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  37. FDChief said on December 10, 2014 at 7:46 pm

    I think the importance of this report isn’t the information it presents but the opportunity it offers us to see ourselves as who we are.

    There is now no way to deny that the United States tortured people. There is now no way to pretend that this was “a few bad apples” or “a rogue program”. It was clearly the policy of the intelligence arm of the U.S. government to use of many of the same methods of torture for which we executed members of the Gestapo and the Kempeitai after WW2.

    So at this point the choice is very much black-or-white; are we either truly a “nation of laws”… (including the antitorture portions of the Bill of Rights, the Geneva and Hague Conventions, and the United Nations Convention on Torture which the U.S. signed in 1984 at the urging of President Ronald Reagan who said at the time:

    “The core provisions of the Convention establish a regime for international cooperation in the criminal prosecution of torturers relying on so-called ‘universal jurisdiction.’ Each State Party is required either to prosecute torturers who are found in its territory or to extradite them to other countries for prosecution.”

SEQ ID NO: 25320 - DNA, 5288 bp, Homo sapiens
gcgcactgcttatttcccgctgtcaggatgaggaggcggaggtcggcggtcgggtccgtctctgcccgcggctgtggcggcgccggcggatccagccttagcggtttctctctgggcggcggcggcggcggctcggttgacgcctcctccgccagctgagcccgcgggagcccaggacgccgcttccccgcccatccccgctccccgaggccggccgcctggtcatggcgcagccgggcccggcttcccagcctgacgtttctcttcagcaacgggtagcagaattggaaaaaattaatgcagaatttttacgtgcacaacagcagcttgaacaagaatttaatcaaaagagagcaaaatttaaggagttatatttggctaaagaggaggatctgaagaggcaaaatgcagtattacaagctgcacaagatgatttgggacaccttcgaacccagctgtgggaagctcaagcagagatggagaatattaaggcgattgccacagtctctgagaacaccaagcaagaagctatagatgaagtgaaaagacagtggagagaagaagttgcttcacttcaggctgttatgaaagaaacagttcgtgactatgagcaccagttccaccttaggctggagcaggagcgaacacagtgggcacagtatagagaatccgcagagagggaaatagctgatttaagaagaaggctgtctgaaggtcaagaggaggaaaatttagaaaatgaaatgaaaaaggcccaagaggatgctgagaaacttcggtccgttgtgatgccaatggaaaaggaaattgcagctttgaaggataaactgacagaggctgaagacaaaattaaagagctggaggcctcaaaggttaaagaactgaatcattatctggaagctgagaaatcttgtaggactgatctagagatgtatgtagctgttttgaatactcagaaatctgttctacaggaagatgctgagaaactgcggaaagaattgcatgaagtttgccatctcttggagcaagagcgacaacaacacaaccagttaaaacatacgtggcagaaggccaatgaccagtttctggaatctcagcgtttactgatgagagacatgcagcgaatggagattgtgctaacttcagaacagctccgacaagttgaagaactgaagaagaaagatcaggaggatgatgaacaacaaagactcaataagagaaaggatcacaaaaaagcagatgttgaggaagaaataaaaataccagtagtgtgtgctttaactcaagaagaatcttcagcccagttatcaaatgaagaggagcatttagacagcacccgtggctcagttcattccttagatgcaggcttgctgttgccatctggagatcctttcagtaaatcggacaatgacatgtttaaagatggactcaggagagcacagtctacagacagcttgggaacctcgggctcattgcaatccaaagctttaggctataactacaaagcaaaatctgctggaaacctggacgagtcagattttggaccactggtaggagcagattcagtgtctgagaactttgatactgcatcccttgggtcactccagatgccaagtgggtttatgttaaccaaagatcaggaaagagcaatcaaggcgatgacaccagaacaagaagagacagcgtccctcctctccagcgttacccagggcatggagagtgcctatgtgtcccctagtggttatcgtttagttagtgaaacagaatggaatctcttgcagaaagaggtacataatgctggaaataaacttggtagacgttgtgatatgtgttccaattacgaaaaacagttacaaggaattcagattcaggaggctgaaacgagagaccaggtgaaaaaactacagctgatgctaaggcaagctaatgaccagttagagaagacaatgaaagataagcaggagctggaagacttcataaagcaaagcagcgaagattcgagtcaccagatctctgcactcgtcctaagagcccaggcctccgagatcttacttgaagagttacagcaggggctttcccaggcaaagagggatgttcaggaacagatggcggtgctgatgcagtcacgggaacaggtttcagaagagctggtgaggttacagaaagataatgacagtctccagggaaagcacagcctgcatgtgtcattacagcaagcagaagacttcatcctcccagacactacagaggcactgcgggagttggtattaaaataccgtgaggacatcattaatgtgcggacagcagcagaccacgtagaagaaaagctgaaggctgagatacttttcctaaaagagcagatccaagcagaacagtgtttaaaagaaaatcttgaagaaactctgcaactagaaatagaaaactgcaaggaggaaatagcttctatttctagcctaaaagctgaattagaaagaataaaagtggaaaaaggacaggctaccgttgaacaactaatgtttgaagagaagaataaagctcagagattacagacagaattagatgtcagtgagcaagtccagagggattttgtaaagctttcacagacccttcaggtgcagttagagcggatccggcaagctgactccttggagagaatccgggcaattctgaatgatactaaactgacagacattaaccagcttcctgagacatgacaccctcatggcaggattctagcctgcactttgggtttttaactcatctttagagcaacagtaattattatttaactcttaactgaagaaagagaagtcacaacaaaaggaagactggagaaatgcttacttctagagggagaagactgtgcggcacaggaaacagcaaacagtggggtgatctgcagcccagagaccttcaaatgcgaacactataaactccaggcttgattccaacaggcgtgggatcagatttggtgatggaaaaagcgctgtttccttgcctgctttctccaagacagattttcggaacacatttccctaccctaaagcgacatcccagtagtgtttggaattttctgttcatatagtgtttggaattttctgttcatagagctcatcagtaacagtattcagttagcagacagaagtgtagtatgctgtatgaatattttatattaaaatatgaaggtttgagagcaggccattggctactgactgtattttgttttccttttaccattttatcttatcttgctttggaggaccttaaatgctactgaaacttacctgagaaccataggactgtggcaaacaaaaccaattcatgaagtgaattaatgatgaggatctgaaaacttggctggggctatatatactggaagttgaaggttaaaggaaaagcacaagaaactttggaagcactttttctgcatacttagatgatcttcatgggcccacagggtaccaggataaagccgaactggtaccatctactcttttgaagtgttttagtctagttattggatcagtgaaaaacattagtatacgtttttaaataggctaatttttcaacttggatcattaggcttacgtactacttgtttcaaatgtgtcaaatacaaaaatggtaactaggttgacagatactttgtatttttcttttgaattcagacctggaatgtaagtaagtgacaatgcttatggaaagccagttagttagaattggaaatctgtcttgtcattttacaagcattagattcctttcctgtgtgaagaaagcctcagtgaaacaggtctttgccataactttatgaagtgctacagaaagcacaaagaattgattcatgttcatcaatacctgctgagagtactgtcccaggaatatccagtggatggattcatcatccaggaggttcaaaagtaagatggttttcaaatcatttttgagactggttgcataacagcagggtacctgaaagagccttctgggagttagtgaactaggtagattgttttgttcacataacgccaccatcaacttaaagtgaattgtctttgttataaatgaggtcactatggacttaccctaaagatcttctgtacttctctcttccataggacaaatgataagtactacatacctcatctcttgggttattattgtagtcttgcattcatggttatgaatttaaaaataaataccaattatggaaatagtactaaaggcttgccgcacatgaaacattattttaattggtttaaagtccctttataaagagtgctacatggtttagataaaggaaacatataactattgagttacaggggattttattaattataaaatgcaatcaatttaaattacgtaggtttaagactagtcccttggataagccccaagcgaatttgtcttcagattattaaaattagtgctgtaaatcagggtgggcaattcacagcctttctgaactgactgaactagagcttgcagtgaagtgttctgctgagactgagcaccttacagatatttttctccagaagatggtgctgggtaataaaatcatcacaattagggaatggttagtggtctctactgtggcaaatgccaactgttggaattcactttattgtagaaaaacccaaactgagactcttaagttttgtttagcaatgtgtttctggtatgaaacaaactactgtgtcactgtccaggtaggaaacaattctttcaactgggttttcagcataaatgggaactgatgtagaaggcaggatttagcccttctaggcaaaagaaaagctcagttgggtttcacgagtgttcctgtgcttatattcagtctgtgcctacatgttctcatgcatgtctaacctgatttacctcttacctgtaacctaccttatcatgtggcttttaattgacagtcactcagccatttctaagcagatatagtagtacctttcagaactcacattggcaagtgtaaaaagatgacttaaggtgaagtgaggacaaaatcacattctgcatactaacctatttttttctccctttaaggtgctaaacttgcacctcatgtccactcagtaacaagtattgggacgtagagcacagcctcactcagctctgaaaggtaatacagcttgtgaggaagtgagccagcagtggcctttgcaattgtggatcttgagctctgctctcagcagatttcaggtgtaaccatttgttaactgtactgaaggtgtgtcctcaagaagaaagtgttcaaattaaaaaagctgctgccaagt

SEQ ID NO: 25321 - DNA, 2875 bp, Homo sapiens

…or “a nation of men” who are happy to sanction the torture of their captives, regardless of the legal status of those captives.

    Now the U.S. public is confronted with the choice between acquiesence and rejection.

    Wanna bet me all the money in your pocket against all the money in mine which option We the People will choose?

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  38. coozledad said on December 10, 2014 at 7:56 pm

    They’re already fine with cops mowing down blacks in the streets. Once you’ve got extralegal detentions and torture or disappearance without judicial review, you’ve got an effective framework for a shadow state which can use its own metric for determining who is the enemy and what are the acceptable ways to inhibit “crime”.